The female genital system undergoes in women, from puberty (between 8 and 12 years) to menopause (between 45 and 50 years) regular cyclical modifications, the menstrual cycle, which lasts an average of 28 days, numbered starting from the first day of the menstrual flow , and which involves, through the action of hormones, important modifications of some target structures.
Menstrual Phase (Days 1 – 5)
The most superficial layer of the uterus , called the endometrium, undergoes necrosis (cell death) and detaches in flaps, leaving the veins and arteries that flow through it exposed. Therefore there is a loss of about 40 milliliters of blood mixed with cellular necrotic residues of the endometrium. At the same time, the growth of some follicles begins in the ovary , while the secretion of FSH , or follicle-stimulating hormone , produced by the pituitary gland increases, which in women determines the maturation of the follicle and stimulates the production of estrogen by the ovary.
Proliferative Phase (Days 6 – 14)
In the uterus, the superficial circulation of the endometrium is restored and the layer of epithelial cells lining the vagina thickens to create an environment conducive to sperm .
In the ovary, only one follicle continues to mature, while the others undergo involution.
Estrogens increase significantly until they reach a maximum peak just before ovulation and then decrease rapidly. Progesterone, another hormone secreted by the ovary, rises slowly. FSH decreases and then rises again just before ovulation while there is a large increase in LH, or Lutenizing hormone, always produced by the pituitary gland and which collaborates with FSH in maintaining the normal production of estrogen by the ovary as well as determining the formation of the corpus luteum after ovulation and stimulating the production of progesterone.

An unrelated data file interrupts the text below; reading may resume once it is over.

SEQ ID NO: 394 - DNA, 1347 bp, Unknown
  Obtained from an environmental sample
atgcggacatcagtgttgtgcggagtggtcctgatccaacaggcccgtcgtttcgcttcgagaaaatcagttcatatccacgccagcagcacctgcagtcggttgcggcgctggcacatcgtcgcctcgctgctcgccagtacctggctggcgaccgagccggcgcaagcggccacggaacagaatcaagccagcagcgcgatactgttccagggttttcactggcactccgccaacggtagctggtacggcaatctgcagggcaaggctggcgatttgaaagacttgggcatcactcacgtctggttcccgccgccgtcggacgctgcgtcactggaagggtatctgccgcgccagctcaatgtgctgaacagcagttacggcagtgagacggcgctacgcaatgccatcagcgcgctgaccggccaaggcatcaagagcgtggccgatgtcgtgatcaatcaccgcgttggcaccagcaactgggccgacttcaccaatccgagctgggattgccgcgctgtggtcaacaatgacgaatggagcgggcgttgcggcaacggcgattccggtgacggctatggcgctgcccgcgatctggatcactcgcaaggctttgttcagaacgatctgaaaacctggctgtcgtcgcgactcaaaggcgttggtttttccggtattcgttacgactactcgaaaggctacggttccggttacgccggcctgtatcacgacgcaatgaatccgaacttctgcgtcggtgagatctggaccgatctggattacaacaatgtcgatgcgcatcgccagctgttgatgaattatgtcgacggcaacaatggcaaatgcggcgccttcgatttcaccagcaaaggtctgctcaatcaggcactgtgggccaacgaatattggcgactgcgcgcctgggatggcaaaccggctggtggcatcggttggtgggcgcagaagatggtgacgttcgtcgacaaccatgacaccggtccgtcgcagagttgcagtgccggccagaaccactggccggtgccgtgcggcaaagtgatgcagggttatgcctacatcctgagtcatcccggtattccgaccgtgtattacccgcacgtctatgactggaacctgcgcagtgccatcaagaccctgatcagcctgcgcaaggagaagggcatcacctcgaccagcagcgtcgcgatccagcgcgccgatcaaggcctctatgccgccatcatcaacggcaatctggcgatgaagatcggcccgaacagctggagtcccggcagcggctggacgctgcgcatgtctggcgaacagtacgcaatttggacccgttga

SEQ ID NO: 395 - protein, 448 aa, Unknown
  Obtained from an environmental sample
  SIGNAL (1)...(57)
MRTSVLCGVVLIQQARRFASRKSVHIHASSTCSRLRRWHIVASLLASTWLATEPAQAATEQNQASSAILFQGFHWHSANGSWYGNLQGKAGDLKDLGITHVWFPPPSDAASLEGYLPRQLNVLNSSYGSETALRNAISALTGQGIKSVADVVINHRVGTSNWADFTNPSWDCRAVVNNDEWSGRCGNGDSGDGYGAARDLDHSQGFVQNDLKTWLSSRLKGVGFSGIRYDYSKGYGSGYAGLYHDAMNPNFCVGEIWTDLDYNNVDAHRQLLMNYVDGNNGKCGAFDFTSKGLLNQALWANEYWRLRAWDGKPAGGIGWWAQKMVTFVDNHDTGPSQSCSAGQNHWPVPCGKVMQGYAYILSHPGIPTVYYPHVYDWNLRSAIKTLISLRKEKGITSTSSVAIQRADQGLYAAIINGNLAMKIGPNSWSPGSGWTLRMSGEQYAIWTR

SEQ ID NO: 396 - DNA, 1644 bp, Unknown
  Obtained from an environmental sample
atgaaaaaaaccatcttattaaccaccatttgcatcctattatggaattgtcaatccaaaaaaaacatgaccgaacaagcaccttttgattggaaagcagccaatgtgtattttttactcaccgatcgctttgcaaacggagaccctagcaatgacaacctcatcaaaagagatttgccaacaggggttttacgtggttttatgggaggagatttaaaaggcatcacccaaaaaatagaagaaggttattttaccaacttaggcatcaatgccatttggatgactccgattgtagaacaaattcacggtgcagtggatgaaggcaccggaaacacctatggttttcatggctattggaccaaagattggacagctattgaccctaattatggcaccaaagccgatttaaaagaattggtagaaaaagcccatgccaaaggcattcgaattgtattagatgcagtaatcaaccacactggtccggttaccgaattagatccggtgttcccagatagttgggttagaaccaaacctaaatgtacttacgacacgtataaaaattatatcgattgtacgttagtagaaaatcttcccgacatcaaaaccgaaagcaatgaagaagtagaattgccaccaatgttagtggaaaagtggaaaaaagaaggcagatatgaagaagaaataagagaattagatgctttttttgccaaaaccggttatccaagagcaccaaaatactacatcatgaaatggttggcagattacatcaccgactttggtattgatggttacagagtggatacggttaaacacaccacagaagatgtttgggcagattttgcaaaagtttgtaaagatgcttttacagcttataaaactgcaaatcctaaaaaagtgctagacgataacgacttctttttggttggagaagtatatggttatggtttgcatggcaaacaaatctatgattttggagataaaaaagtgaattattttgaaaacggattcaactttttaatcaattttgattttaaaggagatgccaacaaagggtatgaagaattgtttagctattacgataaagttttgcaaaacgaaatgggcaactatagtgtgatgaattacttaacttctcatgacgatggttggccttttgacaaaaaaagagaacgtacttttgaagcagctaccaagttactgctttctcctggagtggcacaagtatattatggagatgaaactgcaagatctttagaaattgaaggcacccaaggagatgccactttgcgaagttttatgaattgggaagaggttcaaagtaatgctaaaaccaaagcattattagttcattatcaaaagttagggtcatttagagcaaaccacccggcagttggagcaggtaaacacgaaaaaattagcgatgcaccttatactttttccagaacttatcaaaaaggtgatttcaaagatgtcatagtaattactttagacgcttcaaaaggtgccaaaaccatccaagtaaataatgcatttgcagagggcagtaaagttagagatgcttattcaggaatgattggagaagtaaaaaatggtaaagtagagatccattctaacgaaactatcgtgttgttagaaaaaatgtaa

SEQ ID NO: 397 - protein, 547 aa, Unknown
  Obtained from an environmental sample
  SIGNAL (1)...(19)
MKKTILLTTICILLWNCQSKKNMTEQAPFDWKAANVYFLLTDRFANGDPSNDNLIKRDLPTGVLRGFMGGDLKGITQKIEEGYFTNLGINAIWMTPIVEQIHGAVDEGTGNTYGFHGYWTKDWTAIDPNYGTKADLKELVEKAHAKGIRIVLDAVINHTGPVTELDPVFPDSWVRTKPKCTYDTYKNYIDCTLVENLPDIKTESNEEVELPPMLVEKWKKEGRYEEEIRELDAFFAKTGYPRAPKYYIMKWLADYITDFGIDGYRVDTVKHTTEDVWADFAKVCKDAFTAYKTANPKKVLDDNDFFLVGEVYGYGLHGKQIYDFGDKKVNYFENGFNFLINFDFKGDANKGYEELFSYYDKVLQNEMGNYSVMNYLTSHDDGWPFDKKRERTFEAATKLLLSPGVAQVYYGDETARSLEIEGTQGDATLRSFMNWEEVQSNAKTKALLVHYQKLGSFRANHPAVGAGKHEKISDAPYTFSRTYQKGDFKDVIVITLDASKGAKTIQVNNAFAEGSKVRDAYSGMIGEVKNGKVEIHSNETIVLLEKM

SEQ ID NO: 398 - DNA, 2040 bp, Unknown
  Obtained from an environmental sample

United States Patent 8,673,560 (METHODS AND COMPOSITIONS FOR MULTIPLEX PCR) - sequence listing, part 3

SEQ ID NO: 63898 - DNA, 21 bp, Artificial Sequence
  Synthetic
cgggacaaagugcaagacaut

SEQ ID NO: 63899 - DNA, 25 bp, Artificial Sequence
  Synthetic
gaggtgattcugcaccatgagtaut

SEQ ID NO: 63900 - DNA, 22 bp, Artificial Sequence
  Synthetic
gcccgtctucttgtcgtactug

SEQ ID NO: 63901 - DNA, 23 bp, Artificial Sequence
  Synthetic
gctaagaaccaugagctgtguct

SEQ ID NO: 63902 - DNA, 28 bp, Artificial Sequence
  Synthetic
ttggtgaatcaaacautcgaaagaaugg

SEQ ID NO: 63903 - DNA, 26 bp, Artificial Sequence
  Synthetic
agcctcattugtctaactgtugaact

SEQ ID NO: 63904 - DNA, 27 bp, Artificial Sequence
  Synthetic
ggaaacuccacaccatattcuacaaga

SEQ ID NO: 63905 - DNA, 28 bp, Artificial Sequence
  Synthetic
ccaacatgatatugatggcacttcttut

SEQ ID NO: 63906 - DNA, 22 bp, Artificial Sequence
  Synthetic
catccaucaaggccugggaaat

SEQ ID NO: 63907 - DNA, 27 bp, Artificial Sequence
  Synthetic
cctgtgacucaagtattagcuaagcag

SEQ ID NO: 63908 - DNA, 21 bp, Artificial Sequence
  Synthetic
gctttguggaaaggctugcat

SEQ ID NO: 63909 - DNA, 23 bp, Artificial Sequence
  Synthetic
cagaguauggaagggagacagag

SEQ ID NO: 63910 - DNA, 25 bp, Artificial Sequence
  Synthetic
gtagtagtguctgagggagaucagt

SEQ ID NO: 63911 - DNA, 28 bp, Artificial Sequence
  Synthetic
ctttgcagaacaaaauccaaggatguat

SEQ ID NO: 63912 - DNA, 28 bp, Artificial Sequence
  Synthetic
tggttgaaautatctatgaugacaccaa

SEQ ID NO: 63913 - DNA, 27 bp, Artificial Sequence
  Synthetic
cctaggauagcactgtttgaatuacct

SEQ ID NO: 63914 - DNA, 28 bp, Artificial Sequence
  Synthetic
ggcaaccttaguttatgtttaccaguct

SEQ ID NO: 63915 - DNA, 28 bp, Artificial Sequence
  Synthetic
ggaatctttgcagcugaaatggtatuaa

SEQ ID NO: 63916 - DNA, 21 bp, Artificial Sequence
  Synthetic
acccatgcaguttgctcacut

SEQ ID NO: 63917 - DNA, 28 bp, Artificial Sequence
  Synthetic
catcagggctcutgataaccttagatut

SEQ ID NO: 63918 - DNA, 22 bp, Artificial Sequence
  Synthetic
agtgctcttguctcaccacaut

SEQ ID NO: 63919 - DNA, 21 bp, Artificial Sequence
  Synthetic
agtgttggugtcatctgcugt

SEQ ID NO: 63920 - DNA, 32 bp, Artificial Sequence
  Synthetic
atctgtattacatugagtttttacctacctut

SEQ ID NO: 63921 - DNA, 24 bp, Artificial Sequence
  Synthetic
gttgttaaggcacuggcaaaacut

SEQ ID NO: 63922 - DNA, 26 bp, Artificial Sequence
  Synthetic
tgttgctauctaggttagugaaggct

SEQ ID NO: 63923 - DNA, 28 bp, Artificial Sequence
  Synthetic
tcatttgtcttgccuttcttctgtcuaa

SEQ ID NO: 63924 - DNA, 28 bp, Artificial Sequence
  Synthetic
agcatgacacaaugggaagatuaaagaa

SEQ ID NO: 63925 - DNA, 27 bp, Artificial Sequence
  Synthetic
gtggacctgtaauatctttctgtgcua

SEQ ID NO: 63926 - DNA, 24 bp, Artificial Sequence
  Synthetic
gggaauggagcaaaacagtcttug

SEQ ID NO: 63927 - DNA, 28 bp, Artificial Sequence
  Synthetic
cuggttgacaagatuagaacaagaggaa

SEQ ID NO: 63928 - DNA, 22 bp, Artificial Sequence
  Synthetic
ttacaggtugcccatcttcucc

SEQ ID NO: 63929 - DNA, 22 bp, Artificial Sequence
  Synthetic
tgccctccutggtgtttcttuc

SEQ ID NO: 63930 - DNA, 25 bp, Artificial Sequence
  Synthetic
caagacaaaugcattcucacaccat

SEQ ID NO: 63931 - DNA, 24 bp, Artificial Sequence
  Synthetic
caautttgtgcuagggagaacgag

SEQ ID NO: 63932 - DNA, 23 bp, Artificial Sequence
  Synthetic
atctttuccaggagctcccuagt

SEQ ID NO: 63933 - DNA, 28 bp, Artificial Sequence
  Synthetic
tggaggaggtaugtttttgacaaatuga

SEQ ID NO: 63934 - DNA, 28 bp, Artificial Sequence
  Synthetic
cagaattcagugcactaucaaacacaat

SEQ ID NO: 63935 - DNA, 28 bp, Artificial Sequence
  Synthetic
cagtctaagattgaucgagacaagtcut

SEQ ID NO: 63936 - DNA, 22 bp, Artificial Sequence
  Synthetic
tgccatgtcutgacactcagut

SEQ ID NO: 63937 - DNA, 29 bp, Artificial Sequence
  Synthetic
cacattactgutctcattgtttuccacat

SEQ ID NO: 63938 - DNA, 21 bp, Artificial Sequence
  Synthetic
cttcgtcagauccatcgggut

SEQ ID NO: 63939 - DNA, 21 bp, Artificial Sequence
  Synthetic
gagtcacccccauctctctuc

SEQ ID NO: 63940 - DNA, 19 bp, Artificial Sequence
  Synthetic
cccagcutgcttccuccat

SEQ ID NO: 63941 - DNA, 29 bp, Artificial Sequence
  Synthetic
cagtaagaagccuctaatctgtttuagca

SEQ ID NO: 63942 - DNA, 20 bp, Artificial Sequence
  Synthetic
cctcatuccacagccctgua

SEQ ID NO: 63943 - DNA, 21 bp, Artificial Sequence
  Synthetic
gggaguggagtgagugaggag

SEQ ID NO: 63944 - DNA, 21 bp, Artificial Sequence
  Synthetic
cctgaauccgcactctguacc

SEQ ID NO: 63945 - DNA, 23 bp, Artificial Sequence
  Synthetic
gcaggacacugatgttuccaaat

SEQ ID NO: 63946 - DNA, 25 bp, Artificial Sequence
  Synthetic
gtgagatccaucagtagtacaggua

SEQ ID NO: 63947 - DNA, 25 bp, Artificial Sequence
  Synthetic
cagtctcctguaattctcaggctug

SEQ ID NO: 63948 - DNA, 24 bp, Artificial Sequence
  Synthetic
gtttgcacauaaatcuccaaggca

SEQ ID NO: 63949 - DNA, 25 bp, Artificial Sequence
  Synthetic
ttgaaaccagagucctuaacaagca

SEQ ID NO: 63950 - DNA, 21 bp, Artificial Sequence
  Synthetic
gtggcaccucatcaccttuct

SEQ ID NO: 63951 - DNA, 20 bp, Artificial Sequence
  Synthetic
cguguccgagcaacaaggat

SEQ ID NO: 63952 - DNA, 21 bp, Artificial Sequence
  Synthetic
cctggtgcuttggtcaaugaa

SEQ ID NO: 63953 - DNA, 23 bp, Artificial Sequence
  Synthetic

Ovulatory Phase (Day 14-15)
In the uterus, the endometrium reaches its maximum thickness; in the ovary there is the rupture of the follicle and the expulsion of the egg contained in it; estrogen decreases rapidly and progesterone continues to increase. The basal body temperature , best assessed in the morning as soon as you wake up with a special thermometer to be inserted into the vagina, rises by about half a degree.
Basal temperature measurement methods are based on this measurement, which some women use to establish the exact moment of ovulation. It must be remembered that this method cannot absolutely be effective for contraceptive purposes , due to the fact that most women do not have regular cycles, but rather it can be very useful when you want to plan a pregnancy . Therefore, it is by no means proven that all women, three days after the slight rise in temperature, can be considered no longer fertile.
Initial Secretory Phase (Days 16 – 23)
In the uterus, the endometrial epithelium remains at its maximum thickness; in the vagina, on the other hand, the epithelium thins; in the ovary, the corpus luteum is formed; estrogen and progesterone increase, while FSH and LH decrease.
Late Secretory Phase (24 – 28 Days)
In the ovary, the regression of the corpus luteum begins; estrogen and progesterone decrease while FSH and LH remain at low levels.
The reduction in progesterone levels leads to the flaking of the uterine lining (endometrium), then to menstruation; at this point the menstrual cycle can start again.